The area around the lodge of the north-west drive is being encroached upon by the neighbouring council estate. The mixed lime and beech avenue is being replanted. Nearer to the house on the north-west side of the drive there is mixed planting of lime, horse chestnut (Aesculus hippocastanum), and sycamore. The drive is broken up by areas of wood on either side which then open up to fields. The large wood on the north side of the drive is mixed deciduous/coniferous planting, underplanted with Rhododendron ponticum. Back Mount Wood on the north side of the drive is a circular plantation of Scots pine.


There is a small area of parkland to the north of the house which slopes down towards the old castle and Skeldon Bridge. The 2nd edition OS 1:2500 (25'), 1894, shows a summerhouse in the park which is no longer extant. Amongst the oldest existing trees are lime and the other species include cut-leaf beech (Fagus sylvatica 'Heterophylla'), copper beech (Fagus sylvatica 'Atropurpurea') and oak.


Woodland makes up a large part of the designed landscape at Skeldon and extends around the garden and the house. Skeldon Wood on the south side of the river is a large mixed deciduous/coniferous wood including larch and beech with a shrub understorey of Rhododendron ponticum. Across the footbridge to the west of the walled garden, a gate leads through to the remains of a steep path. Old box shrubs line the path, indicating a former ornamental function, and the path leads up the slope to the road which skirts the southwestern boundary of the designed landscape.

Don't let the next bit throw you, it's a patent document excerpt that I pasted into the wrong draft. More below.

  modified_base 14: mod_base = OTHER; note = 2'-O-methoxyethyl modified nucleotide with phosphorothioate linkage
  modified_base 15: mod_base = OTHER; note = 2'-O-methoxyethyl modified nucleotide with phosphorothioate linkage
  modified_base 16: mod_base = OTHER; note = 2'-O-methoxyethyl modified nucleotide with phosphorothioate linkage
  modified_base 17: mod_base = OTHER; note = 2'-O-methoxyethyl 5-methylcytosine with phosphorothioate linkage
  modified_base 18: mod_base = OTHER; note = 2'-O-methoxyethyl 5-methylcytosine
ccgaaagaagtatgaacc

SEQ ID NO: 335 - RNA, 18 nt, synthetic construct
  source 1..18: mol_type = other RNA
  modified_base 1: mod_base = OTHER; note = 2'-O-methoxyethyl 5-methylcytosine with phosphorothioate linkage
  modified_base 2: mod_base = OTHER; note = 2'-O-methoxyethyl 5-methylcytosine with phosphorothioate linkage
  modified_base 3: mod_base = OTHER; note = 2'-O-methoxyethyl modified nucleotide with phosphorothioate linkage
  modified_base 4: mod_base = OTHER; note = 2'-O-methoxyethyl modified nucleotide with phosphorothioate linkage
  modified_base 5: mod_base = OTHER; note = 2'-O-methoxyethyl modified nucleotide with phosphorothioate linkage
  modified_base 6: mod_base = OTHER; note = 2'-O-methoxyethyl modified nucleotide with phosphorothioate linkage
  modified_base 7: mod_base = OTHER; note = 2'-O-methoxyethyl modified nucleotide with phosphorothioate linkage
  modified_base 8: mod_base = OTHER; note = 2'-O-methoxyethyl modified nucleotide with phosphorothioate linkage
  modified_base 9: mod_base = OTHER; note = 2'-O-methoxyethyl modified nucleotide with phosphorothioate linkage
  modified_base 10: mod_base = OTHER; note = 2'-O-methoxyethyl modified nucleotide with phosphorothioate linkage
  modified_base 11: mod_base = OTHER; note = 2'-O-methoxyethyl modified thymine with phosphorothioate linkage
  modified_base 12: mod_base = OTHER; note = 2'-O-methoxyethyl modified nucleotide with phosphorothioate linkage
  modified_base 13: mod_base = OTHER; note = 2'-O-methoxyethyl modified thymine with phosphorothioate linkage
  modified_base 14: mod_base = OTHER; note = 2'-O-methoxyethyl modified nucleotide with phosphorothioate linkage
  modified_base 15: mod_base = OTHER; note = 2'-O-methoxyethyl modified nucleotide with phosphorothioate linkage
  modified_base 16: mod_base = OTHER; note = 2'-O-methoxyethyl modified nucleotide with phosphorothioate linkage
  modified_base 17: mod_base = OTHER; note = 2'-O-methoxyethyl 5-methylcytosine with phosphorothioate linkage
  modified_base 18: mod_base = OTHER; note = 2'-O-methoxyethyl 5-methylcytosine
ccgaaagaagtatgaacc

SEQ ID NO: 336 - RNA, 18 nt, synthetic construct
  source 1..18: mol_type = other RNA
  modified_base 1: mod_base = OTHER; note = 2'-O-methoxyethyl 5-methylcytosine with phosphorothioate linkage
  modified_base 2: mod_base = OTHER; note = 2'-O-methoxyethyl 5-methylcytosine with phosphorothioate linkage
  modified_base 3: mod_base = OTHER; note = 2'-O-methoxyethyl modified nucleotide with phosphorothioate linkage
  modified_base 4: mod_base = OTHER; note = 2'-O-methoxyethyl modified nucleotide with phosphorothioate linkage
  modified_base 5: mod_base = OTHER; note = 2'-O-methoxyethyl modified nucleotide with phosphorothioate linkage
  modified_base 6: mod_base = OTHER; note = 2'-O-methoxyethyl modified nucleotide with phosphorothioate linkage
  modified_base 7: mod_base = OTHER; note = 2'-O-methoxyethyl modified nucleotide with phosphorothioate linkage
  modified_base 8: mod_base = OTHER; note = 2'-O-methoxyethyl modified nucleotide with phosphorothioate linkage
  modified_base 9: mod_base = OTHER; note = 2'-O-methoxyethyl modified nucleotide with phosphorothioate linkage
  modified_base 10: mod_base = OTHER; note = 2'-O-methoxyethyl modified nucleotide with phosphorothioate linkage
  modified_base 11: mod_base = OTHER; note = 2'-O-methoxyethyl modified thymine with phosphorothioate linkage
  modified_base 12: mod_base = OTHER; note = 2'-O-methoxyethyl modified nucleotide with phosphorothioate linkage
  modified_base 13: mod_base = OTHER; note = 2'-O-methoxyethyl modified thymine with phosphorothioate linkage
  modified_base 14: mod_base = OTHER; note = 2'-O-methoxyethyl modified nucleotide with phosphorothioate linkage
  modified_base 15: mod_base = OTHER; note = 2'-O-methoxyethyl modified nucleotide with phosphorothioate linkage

Woodland Garden

The relative formality of the terraced lawns relaxes into picturesque woodland garden walks which lead down to riverside walks. There are fine views from the paths over the walled garden and over a rich mixed deciduous/coniferous tree canopy. The paths have river pebble surfacing and stone edging. The walks include a footbridge over the River Doon to Skeldon Wood on the far side of the river. Most of the riverside walks were formed between 1856 and 1894. Laurels and Rhododendron sprawl along the southern edge of the riverbank, indicating a mid to late 19th century picturesque planting style.

The main tree canopy is provided by beech, oak, and clumps of Rhododendron. There is very large mature horse chestnut tree by the river. Other species include Monkey puzzle, Lebanon cedar and false cypress. Walking westwards along the riverside path, there are specimens of lime, sycamore, gean (Prunus avium), and elm. Recent plantings in the riverside area include bamboo, Gunnera and young specimen trees which will eventually replace the older ones.

Other species nearer the house include Sawara cypress (Chamaecyparis pisifera 'Squarrosa') and Katsura tree (Cercidiphyllum japonicum).

The Gardens

The gardens around the house comprise lawns on different levels, castellated yew hedges and specimen trees. In front of the house is a lawn with specimen lime, oak, silver birch and conifer trees to the sides. These specimen trees frame the view of the parkland beyond. The castellated yew hedges either side of the house create a formal effect when the house is viewed from the front and screen the lower terraced lawns behind the house. A gravel path runs along the west side of the terraced lawns behind the house and joins the path to the walled garden to the south.